The Federation of Wholesale Distributors (FWD) said it was "reassuring" that its message is being heard, after the Prime Minister told Parliament on Monday (22 February) that he was “acutely conscious” of businesses, such as foodservice wholesalers, who had “fallen through the cracks” of existing financial support measures.
Boris Johnson added that extra discretionary funding would be made available to support businesses, and suggested that more would be announced by the Chancellor next week.
The PM’s remarks follow the launch of a FWD-backed petition last week demanding bespoke financial support for food and drink wholesalers. So far it has received almost 6,500 signatures.
In a statement, FWD chief executive James Bielby said: “It’s reassuring that the Prime Minister is ‘acutely conscious’ of the lack of financial assistance his government has given foodservice wholesalers throughout the pandemic.
“This illustrates that our case has been made at the very highest level. What we need now is for the PM and the Chancellor to turn those promising words into long-overdue support in next week’s budget, with the announcement of grants and business rates relief for wholesalers.”
Bielby went on to warn that wholesalers will be wary over the clarity and timing of the Government’s roadmap to restart.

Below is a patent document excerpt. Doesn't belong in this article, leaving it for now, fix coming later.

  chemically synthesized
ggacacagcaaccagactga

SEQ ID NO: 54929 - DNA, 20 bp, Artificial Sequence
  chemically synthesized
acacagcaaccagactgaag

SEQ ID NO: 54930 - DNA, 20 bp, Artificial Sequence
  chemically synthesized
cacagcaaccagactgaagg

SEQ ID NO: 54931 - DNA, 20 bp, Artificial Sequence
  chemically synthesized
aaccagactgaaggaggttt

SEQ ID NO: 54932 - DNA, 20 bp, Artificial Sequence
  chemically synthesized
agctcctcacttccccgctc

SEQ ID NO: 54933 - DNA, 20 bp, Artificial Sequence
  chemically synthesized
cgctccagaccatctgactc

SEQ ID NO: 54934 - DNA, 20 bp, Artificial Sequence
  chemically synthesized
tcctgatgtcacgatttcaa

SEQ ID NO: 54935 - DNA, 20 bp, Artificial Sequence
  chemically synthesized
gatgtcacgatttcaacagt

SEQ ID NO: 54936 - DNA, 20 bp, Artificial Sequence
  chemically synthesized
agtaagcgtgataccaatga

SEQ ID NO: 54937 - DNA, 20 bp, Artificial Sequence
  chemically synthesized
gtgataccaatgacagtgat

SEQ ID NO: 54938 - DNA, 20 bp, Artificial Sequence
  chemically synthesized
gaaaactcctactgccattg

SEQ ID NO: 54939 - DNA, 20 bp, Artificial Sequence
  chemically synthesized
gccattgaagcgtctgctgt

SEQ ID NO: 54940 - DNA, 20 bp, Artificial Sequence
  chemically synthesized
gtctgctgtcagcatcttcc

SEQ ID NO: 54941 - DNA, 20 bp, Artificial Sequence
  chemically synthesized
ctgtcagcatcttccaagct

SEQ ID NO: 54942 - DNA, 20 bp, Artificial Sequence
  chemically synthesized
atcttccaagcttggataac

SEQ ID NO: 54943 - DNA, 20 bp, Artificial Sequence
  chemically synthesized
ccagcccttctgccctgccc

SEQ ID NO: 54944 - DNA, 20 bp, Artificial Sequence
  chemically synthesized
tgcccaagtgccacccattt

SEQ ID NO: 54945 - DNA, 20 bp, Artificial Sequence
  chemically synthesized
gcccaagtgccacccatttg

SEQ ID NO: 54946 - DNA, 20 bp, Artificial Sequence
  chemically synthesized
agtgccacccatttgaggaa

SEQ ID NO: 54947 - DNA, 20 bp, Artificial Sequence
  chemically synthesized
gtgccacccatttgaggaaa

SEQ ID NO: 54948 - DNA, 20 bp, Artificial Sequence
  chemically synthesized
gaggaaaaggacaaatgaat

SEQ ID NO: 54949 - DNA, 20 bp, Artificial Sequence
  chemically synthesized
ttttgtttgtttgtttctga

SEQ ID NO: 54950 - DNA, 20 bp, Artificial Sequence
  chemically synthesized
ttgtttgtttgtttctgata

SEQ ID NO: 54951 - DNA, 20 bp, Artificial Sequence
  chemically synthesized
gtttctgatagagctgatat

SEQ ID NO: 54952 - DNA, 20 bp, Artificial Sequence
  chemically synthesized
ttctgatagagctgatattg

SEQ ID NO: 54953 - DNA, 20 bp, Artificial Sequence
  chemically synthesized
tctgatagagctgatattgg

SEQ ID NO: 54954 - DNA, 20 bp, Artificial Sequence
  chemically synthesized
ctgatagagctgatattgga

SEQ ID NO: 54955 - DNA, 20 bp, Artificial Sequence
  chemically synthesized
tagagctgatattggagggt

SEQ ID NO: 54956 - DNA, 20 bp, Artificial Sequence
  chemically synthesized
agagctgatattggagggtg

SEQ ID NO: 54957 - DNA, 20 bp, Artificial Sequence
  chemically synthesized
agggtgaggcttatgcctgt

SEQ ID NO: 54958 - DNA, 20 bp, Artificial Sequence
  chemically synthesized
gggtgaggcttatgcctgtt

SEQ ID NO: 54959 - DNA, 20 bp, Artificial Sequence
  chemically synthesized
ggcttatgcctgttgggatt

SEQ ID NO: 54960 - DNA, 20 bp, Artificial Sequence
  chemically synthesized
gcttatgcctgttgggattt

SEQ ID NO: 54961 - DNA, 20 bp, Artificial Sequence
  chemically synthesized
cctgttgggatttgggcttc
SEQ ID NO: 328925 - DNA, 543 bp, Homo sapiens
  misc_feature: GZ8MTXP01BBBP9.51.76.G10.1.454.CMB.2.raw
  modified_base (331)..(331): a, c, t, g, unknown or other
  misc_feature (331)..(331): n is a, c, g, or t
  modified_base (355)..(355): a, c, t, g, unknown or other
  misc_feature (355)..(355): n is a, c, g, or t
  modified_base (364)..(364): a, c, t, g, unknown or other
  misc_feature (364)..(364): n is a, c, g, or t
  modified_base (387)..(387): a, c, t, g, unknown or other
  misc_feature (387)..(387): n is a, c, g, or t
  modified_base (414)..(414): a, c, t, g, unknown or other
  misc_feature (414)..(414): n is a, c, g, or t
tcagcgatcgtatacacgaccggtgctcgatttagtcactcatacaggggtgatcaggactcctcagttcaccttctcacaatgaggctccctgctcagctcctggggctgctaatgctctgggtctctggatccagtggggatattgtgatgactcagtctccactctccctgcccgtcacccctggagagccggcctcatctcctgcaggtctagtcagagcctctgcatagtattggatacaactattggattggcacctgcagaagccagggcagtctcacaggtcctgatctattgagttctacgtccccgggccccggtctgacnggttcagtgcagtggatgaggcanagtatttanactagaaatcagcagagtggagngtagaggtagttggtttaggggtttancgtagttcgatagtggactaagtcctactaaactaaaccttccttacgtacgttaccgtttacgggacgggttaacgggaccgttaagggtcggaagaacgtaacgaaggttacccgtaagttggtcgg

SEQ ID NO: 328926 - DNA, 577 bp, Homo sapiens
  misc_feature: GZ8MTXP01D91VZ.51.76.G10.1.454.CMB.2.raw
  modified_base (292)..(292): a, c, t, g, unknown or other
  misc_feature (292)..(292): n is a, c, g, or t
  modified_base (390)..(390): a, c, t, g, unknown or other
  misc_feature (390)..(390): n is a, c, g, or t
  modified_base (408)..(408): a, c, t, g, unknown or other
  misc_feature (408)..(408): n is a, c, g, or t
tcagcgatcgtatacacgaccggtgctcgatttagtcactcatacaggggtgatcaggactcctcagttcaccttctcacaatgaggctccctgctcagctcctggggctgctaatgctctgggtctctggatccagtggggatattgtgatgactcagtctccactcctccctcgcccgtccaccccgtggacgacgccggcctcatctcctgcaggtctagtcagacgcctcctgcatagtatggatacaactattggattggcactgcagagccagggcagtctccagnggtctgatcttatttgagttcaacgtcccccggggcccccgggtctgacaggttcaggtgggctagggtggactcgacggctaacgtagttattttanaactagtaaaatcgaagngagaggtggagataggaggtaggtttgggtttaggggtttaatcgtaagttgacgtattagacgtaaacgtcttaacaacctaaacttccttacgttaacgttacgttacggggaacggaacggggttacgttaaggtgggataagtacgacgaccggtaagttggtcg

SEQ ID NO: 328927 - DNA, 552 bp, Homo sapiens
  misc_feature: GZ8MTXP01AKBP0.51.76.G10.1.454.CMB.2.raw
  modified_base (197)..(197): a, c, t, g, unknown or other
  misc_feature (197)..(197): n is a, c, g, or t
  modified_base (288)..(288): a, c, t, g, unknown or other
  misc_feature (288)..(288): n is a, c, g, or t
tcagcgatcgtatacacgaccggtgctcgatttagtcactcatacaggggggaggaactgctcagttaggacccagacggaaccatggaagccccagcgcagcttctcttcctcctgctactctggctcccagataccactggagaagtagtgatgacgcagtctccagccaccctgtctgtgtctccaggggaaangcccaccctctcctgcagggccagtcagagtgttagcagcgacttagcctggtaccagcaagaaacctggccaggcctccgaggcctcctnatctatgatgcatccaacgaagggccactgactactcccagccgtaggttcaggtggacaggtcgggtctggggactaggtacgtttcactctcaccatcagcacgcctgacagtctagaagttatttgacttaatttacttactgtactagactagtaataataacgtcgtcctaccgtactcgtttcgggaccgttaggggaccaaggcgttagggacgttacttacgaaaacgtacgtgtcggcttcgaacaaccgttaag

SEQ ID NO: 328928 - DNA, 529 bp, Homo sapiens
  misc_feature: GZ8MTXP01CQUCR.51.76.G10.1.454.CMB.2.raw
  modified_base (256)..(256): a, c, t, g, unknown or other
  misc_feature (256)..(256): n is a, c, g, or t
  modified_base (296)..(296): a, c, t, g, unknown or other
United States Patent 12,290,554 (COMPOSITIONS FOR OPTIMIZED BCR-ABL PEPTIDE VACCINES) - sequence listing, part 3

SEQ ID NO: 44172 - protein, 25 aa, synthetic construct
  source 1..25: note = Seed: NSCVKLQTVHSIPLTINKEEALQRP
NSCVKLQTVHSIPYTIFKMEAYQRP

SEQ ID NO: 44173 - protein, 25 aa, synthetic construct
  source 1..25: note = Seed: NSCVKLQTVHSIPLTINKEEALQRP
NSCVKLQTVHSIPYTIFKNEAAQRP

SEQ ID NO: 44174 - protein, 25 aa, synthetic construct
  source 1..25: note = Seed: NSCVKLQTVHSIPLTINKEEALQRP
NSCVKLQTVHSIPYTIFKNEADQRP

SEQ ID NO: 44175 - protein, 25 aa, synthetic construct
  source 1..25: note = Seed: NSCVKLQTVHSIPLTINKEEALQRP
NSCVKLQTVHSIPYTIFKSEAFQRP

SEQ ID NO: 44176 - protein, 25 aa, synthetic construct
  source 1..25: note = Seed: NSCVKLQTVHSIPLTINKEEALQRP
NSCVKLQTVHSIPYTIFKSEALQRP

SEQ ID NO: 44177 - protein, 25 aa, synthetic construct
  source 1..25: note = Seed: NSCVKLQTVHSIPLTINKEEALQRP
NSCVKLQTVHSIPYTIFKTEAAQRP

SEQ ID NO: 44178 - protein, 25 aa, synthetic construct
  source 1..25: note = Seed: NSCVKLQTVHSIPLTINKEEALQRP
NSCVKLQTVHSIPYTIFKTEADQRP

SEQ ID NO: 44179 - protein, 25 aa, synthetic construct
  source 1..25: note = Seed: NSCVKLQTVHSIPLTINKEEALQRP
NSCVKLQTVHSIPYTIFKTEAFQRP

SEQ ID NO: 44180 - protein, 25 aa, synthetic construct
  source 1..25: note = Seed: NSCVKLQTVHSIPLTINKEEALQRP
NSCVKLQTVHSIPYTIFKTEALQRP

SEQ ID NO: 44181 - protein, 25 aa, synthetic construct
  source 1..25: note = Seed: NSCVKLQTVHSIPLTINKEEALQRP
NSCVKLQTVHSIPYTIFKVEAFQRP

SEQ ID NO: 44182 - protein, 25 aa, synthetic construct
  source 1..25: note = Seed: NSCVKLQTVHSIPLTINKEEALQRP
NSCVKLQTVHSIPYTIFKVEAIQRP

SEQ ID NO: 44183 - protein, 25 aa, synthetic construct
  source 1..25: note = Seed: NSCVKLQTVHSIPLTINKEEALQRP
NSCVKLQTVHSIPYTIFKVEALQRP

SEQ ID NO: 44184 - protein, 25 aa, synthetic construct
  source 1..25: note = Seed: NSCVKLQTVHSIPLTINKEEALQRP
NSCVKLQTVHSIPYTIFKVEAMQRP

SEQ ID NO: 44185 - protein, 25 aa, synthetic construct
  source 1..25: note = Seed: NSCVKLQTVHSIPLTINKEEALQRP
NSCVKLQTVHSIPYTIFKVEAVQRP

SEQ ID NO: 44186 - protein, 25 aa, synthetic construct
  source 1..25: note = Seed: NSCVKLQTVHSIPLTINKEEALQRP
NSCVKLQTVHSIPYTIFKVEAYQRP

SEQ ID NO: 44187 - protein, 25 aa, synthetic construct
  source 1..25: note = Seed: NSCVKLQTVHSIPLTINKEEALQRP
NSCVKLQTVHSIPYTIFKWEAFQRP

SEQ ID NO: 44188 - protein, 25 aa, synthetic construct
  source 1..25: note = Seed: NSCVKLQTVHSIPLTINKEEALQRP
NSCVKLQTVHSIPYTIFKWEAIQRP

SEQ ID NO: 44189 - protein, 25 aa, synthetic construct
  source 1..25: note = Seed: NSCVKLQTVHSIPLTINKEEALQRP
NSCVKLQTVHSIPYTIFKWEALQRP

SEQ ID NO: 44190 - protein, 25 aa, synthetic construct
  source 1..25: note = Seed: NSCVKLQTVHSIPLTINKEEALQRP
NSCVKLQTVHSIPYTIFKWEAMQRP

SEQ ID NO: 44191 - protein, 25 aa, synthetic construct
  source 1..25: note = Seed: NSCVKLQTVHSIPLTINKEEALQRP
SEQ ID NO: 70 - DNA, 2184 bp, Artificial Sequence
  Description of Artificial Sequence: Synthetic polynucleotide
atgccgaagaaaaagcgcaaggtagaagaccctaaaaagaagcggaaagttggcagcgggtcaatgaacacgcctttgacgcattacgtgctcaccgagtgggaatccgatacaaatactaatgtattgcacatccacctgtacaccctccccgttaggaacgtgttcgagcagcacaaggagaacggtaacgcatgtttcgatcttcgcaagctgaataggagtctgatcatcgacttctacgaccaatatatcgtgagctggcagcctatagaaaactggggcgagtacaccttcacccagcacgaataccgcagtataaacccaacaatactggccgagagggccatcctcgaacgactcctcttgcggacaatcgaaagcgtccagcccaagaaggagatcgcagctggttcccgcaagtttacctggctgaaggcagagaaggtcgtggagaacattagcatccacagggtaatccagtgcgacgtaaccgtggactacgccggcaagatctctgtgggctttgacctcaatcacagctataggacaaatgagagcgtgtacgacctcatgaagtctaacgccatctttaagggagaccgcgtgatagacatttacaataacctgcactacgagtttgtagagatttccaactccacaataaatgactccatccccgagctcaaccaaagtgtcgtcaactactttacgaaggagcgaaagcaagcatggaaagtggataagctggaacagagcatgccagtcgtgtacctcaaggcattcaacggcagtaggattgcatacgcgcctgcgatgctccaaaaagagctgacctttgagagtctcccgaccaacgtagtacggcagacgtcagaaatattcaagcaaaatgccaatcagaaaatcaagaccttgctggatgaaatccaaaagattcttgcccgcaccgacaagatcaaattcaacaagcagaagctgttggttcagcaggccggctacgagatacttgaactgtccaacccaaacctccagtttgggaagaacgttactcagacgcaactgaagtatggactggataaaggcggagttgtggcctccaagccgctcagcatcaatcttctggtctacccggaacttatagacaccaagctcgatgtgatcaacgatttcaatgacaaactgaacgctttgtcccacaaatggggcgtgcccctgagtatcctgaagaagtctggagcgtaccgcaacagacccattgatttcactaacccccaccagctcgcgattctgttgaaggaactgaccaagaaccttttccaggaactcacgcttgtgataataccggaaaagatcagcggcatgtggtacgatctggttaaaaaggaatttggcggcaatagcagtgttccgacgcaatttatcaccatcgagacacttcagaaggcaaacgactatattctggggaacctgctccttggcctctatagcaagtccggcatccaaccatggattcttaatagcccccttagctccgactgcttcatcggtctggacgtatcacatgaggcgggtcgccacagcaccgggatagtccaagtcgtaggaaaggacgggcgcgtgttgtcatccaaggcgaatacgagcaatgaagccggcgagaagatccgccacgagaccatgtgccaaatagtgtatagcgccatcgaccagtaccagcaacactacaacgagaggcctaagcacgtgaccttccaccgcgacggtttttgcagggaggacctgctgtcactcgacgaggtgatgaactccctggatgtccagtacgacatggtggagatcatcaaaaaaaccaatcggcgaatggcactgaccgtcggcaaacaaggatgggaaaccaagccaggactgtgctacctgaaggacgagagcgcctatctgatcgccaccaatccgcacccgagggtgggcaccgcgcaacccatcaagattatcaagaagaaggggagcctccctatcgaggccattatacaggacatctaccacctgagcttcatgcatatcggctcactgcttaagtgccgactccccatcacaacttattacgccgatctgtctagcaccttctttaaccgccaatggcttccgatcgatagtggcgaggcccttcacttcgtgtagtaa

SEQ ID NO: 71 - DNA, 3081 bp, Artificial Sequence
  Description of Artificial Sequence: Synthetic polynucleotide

“Wholesalers have asked the Prime Minister for clarity and confidence, and he’s partly delivered the first of those,” Bielby said.
“However, our members’ experience of previous lockdowns and u-turns means they’ll be cautious about investing ahead of each scheduled opening date. Those who distribute to the hospitality sector can’t afford to foot the bill yet again for government dithering.
“We saw several times last year how short-notice changes disproportionally impact wholesalers, who have to stock up in advance of demand. What we need from government is at least two week’s notice if it has to deviate from the roadmap at any stage, or if that’s not possible, a consideration for the cost of the excess stock that will go to waste as a result of the late changes.
“The roadmap is a route out but it’s not the journey itself. With hospitality not fully open until June at the earliest, the drain on foodservice wholesalers’ cash reserves will continue, and they are already nearly exhausted. They need cash to stock up, and they need it soon, starting with an announcement of support in next week’s Budget.
“The planned opening of pubs and restaurants for outside service on 12 April means the hospitality sector will be looking to stock up just as border controls on products coming from the EU are introduced on 1 April. Extra demand plus extra bureaucracy may mean delays, so there could be implications for availability of fresh product at this point,” he added.